Markit/BME Germany Manufacturing PMI
Manufacturing sector posts near-record growth in November.
Germany’s manufacturing sector saw near-record growth in November, as new orders, exports and employment all rose at rates close to the peaks seen in 2010-11, according to the latest PMI® survey data from IHS Markit and BME. The stronger pace of expansion led to greater pressure on capacity, however, with backlogs growing at the second-fastest rate ever recorded and input delivery delays among the worst seen in the 21-year survey history. Price pressures also heated up, reaching the highest in six-and-a-half years.
The headline IHS Markit/BME Germany Manufacturing PMI – a single-figure snapshot of the performance of the manufacturing economy – moved to 62.5 in November, rising from 60.6 in October. The latest reading was the secondhighest seen since the survey began in April 1996, exceed only by February 2011’s 62.7.
Production levels were ramped up to the greatest extent since April 2011, with each of the main categories of manufacturing (consumer, intermediate and investment) seeing sharp rates of expansion in November.
The upturn in performance was underpinned by strong growth in demand for German goods, with anecdotal evidence also suggesting that the introduction of new products had further enhanced sales. Both total new orders and exports exhibited growth that was best seen since March 2010, and the second-fastest on record.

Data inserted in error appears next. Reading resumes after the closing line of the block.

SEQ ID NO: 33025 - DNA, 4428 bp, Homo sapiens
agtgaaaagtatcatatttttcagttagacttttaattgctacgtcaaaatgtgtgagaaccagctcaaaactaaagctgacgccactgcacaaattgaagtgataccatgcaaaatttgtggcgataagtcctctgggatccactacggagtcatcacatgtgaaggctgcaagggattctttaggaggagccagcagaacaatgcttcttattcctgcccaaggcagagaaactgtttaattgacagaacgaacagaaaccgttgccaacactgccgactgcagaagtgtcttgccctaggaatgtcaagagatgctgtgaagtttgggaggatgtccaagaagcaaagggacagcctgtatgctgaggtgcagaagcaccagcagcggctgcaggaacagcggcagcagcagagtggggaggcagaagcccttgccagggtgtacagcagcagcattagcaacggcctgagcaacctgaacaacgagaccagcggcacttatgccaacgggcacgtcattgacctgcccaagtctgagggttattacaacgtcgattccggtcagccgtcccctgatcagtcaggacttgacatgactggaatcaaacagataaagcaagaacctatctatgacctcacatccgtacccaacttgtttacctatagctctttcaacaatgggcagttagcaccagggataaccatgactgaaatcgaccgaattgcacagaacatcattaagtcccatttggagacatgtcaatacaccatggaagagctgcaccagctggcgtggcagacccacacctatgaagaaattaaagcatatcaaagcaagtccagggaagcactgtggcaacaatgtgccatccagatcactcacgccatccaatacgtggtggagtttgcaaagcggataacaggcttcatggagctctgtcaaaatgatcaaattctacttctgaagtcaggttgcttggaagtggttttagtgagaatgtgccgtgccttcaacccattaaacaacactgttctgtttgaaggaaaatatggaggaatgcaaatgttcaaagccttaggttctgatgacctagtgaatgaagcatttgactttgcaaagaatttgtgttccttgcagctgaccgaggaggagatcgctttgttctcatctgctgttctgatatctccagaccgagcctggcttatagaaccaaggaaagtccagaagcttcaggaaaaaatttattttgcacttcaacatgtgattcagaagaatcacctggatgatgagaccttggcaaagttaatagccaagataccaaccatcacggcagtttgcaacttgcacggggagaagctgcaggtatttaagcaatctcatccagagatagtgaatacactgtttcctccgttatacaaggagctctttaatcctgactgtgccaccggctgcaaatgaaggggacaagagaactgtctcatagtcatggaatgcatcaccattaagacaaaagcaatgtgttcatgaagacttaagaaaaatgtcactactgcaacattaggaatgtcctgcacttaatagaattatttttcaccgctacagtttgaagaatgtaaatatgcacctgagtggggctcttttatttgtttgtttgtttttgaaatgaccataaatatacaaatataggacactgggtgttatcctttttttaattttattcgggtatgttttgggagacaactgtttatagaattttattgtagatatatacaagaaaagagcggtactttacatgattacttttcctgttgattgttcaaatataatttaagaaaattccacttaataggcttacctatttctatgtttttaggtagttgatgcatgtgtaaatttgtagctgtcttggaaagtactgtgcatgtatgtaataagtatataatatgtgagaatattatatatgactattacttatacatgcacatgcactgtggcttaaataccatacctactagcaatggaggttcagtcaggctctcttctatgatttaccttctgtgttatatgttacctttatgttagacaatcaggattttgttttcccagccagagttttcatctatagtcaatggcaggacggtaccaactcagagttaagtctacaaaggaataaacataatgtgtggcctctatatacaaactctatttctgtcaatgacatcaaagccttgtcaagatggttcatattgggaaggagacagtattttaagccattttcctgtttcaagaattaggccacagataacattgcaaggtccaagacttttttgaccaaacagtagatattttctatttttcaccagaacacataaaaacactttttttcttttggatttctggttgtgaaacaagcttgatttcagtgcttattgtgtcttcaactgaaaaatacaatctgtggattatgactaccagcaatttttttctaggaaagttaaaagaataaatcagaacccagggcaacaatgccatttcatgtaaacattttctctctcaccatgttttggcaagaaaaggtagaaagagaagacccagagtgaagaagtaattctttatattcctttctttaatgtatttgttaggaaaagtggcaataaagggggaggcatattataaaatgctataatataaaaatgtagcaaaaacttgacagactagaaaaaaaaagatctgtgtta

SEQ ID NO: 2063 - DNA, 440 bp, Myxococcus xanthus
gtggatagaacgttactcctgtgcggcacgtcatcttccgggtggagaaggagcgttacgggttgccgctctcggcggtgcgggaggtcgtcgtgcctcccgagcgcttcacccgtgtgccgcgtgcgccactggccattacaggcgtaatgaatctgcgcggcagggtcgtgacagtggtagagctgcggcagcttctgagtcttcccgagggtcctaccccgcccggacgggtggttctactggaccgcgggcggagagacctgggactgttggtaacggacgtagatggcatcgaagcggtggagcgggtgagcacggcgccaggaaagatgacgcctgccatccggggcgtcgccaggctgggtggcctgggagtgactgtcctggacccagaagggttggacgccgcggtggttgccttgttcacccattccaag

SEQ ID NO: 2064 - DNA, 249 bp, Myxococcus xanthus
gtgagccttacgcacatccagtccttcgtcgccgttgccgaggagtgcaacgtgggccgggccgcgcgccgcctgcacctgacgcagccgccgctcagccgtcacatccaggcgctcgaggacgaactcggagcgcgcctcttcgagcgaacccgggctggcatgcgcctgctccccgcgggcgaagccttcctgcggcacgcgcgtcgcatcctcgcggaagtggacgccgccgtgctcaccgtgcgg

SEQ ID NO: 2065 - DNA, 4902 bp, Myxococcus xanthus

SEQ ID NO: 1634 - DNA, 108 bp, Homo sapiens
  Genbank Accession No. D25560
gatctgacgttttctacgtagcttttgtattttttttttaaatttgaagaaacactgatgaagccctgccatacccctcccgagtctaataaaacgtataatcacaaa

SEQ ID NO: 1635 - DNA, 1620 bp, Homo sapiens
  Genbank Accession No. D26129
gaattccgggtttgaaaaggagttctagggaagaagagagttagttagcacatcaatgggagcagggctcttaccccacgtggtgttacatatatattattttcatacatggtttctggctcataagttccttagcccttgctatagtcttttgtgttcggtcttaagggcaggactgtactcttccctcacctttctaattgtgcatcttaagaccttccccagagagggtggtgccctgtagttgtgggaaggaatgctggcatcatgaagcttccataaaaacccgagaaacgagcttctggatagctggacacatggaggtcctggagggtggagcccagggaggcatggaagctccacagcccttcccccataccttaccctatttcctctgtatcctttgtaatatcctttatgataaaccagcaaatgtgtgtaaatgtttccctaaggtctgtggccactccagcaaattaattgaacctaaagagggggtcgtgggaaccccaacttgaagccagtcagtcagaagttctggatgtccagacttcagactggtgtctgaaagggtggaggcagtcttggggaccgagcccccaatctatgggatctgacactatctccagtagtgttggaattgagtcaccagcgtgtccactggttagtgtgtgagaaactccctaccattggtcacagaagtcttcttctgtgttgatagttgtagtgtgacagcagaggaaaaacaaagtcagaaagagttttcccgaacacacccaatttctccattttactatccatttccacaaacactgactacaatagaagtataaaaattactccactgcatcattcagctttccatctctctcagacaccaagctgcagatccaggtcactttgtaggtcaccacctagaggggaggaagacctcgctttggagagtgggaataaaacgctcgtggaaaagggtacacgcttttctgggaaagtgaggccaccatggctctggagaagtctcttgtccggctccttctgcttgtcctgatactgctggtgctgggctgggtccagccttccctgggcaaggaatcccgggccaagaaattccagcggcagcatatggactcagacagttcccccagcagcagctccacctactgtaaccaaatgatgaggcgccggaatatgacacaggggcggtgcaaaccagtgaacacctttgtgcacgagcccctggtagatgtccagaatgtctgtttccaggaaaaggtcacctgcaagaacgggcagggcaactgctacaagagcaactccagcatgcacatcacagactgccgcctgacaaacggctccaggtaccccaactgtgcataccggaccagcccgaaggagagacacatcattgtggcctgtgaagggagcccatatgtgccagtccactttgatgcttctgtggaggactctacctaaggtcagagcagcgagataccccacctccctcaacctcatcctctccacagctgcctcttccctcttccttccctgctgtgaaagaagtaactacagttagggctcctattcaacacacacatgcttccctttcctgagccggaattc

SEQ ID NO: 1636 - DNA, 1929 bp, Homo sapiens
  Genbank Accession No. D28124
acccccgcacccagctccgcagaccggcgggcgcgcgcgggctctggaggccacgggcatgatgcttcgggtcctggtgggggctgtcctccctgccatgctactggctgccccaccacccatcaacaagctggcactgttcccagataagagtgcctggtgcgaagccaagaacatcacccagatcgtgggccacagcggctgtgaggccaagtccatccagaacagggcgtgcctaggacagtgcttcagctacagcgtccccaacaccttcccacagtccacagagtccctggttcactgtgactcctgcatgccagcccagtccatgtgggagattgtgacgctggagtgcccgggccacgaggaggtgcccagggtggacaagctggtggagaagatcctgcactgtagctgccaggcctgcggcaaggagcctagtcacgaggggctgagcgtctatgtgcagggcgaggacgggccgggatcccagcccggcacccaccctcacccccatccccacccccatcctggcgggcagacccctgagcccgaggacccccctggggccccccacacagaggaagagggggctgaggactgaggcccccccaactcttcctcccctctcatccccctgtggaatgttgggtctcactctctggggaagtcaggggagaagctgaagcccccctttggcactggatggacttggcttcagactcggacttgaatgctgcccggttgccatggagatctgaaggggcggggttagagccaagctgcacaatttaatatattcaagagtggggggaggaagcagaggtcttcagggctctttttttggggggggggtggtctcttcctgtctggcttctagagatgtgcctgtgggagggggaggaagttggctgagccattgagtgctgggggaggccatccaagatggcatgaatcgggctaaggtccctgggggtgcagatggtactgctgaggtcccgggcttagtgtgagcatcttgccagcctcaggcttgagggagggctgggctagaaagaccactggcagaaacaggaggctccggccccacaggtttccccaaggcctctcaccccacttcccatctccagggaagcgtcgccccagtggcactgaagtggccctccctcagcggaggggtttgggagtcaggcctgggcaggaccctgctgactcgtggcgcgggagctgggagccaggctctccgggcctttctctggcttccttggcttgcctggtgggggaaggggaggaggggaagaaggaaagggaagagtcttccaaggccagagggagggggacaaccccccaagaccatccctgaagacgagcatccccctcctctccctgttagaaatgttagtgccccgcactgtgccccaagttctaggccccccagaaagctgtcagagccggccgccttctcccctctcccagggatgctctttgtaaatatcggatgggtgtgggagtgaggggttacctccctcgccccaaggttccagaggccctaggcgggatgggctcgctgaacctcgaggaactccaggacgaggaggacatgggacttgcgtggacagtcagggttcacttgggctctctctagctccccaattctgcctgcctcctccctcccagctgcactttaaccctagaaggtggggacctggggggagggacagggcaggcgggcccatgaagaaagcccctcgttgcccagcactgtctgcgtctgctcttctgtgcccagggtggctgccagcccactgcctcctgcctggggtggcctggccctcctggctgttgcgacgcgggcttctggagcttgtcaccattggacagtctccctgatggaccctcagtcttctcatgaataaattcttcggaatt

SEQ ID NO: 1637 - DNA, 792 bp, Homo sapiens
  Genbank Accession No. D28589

Manufacturers took on new staff at pace bettered only once (March 2010) in the series history in November. However, despite efforts to expand production capabilities, November saw a continued build-up of backlogs. Furthermore, the rate of accumulation picked up to show one the greatest increases in outstanding business since the series began in late-2002.
Latest data also showed a sharp and accelerated rise in the level of purchasing activity among German manufacturers. In a number of cases firms reported deliberately stockpiling inputs amid growing fears about lengthening lead times. The incidence of delivery delays was in fact among the worst on record, with firms commenting on insufficient supplier capacity and constraints in the transportation sector.
Higher demand for materials and constraints on supply meanwhile manifested in a sharp increase in average prices paid for raw materials and semi-manufactured goods. The rate of cost inflation was the steepest since April 2011. Businesses highlighted steel, plastics and electronic components as some of the items up in price. The pass-through of higher costs by manufacturers saw average output prices rise sharply and at the fastest rate since June 2011.
Elsewhere, November’s survey showed a weakening of firms’ confidence towards the outlook for the second month running. Expectations remained elevated by historical standards but slipped to an 11-month low amid concerns towards capacity and a potential slowdown of the economy.